When modeling very specific times or events, there really is no limit to the amount of research that is appropriate before undertaking the build. In what condition is the subject being modeled? What, if any, optional components were or were not present at the time? Rarely will we encounter a scenario which leaves zero room for speculation, and when this occurs our artistic license must also be kept in check to present a plausible, realistic scene. That is, of course, if we care about accuracy. Which I do.
All this brings me to an oft-modeled and oft-debated subject: the Kriegsmarine battleship Bismarck. I’m not going to go into the history of the subject or its importance during the Second World War – I’ll save that for a later blog post. Instead, I want to take a look at some of the confusion and controversies that surround what is arguably the ship’s most famous appearance: her Baltic Camouflage paint scheme and the equipage she carried at that time.
The Kriegsmarine regulated paint colors and schemes for their vessels based on a variety of factors, including geographic location, type of mission, and the presence (or lack thereof) of air support. According to Bismarck expert John Asmussen, the organization propagated these directives through the Allgemeinen Baubestimmungen, or General Building Regulations. Unfortunately, the majority of these were destroyed during the war or lost thereafter, therefore determining original paint schemes for the vessels of the Kriegsmarine can be difficult at best; when combined with the vagaries of contemporary photography, the modern-day task of determining period paint schemes with absolute certainty becomes an exercise in madness.
That said, the fame accorded Bismarck and the lure of the ship as a modeling subject has resulted in a trove of attempts to identify the colors borne by the ship at various times during her brief lifespan. There are a limited number of images of the ship from which to gather information, but each of those scenes helps us as modelers create a more perfect representation of the past. This is never a perfect exercise, but if the information exists, it behooves us to use it as a guide to shape our efforts.
Bismarck was photographed wearing a number of schemes – from an overall grey scheme to the more dazzling black and white Baltic design and then back to overall grey. These images depict the ship at sea, in port, or at places in between, such as when transiting the Kaiser Wilhelm Canal. Even with these images, however, there exist a number of contentious points.
Take, first of all, the color of Bismarck‘s turret tops. These remain a sticking point for many modelers: multiple sources confirm that Prinz Eugen, at sea with Bismarck and painted in the same scheme, had turret tops painted in bright red (RAL-3010) to assist in aerial identification. Because of this, it was assumed for years that Bismarck bore the same feature; there have also been competing claims that these turrets were painted yellow (RAL-1003). More recent examinations of the wreck – as well as the outright denial of this by survivors – have served to mostly debunk these claims, yet their persistence as inquiries among modelers shows how deep the mythos runs.
But why the focus on the Baltic Camouflage scheme in the first place? Well, the simplest answer is that this was simply the most visually striking pattern worn by the ship during her service. The black and white angled stripes served to break up the silhouette of the ship, and the false waves at bow and stern (combined with the use of dark paint in those areas to shorten the ship’s apparent length when viewed at a distance) acted to confuse an observing enemy of the vessel’s speed and direction of travel. This scheme – which Bismarck wore between March and early May 1941 – also featured prominent black-on-white-on-red swastikas on the fo’c’sle and quarterdeck for ease of aerial identification. With the exception of the forward false wave, all of these distinctive features were painted over prior to the ship leaving the protected waters of the Baltic Sea, so any attempt at modeling the ship during her actual combat operations necessarily creates a more significant historical subject but a less striking visual one.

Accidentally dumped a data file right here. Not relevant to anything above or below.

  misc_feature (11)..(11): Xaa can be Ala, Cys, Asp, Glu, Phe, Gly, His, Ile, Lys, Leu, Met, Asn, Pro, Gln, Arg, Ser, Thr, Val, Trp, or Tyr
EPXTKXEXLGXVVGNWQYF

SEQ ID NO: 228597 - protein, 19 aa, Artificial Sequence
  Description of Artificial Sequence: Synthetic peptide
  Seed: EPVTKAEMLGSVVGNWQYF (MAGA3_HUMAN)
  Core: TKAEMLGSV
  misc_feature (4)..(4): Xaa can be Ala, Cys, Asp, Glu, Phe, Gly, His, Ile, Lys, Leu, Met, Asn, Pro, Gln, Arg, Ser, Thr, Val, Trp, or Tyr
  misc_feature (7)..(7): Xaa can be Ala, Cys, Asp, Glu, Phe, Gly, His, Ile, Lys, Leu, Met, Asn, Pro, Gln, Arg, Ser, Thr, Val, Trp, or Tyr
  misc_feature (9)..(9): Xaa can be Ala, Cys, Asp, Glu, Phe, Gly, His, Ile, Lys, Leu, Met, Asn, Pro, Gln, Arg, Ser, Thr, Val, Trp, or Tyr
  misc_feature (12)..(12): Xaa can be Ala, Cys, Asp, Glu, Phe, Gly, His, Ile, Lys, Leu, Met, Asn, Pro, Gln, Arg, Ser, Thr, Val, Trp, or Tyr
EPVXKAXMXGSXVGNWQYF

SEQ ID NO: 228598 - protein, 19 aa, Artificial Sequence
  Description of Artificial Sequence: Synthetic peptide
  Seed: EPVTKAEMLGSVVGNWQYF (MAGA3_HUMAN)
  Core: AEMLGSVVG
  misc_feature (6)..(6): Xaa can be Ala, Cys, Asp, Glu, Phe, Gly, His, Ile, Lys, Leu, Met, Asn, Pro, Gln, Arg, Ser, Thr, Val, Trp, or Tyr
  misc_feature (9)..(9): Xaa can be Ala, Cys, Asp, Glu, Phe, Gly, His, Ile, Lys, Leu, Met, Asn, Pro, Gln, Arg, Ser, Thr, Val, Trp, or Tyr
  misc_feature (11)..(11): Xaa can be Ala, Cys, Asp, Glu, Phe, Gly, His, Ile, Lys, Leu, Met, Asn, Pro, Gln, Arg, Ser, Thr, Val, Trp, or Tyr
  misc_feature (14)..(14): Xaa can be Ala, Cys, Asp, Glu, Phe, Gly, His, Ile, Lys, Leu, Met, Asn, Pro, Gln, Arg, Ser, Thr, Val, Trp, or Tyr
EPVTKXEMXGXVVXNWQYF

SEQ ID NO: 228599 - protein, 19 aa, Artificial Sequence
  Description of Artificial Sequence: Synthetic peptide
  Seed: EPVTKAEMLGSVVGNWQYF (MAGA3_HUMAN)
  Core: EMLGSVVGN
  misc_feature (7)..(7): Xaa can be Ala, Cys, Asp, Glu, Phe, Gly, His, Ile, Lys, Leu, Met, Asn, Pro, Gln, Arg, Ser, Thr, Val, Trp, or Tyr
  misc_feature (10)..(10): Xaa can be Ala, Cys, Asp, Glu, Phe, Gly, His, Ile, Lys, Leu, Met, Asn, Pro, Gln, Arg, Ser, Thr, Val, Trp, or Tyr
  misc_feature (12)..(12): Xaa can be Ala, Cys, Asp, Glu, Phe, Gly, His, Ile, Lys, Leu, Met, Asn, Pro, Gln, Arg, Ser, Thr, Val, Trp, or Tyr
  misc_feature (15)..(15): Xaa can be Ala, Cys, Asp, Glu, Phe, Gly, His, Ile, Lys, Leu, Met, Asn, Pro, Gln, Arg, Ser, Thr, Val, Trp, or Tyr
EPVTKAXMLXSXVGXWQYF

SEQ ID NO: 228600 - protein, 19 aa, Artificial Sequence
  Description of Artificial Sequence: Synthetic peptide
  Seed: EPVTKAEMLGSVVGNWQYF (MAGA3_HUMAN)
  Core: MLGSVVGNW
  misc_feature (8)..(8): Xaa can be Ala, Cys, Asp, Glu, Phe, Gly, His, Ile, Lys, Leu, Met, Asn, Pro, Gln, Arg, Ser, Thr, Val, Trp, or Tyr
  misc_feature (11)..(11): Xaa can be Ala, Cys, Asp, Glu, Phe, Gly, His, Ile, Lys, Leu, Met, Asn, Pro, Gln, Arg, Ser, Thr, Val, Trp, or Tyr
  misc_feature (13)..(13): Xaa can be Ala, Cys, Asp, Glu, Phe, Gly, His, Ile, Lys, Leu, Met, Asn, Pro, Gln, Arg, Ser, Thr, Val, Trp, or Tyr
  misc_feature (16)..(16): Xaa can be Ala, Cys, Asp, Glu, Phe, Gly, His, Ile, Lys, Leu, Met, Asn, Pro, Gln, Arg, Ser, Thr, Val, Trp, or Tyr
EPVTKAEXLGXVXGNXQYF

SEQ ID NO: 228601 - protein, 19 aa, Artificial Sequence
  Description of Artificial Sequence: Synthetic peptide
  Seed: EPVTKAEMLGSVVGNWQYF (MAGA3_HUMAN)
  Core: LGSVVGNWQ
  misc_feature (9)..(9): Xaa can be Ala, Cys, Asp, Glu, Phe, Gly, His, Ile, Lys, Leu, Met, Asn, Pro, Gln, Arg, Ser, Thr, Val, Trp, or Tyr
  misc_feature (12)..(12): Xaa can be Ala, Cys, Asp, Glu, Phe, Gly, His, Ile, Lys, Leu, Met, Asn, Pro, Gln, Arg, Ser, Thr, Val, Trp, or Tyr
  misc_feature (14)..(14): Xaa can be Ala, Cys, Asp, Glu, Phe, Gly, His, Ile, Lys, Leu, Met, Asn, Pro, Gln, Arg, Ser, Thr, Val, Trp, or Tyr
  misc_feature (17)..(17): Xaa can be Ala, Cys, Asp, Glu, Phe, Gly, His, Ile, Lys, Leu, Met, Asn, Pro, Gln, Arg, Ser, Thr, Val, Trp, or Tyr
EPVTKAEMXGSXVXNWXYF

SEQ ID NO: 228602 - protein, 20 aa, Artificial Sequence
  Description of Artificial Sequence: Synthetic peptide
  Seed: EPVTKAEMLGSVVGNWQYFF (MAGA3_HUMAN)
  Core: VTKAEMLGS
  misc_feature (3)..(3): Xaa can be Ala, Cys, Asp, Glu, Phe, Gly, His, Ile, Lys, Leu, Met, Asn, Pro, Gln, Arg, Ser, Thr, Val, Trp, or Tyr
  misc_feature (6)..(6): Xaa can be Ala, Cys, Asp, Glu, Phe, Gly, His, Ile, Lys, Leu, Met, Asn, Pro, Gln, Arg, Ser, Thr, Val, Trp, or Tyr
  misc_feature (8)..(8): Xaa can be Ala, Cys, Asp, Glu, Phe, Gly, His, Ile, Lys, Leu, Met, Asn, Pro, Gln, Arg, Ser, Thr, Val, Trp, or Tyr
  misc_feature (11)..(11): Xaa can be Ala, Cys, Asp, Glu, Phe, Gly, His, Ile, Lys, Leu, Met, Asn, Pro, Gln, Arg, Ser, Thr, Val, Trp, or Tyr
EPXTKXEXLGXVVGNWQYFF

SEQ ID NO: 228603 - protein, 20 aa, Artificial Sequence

When modeling the Baltic scheme, the colors used are as follows:
RAL 7000 on the hull between the false bow and stern panel colors
RAL 7037 on the hull as the bow and stern false panel colors, as well as on the 38 cm turret tops and sloped sides
RAL 7038 as the superstructure base color
Standard White served as the false wave color as well as the light portion of the stripes; Standard Black made up the other stripes.
Painting the stripes necessarily proves challenging, as they appear perfectly straight when viewed from profile yet curved according to the shape of the superstructure. If the modeler is going to go this route, they will need to take extra care to ensure that these lines are perfect. With a scheme this iconic, any errors will show quickly and clearly.
Now that this scheme is identified, what scene should be modeled? One of my favorite shots of Bismarck was taken when she was transiting the Kaiser Wilhelm Canal on March 8, 1941:
Yet when examining this fascinating and highly detailed scene, the modeler would realize that he or she would need to leave off the forward rangefinder and FuMO-23 Main Battery radar antennas atop the conning tower. While this is not a great sacrifice, it does posit the challenge of restraint to the modeler wishing to go “all-out”, as it were. It offers a choice to be made, and presents an opportunity to make one’s mark with either glorious excess or carefully modulated nuance.
“Why have I gone on about Bismarck‘s colors when I don’t even have a Kriegsmarine build on my workbench?” you might ask. Why should I care about RAL colors and rangefinder equipage? It’s not like I have an upcoming build that will possibly need this information, is there?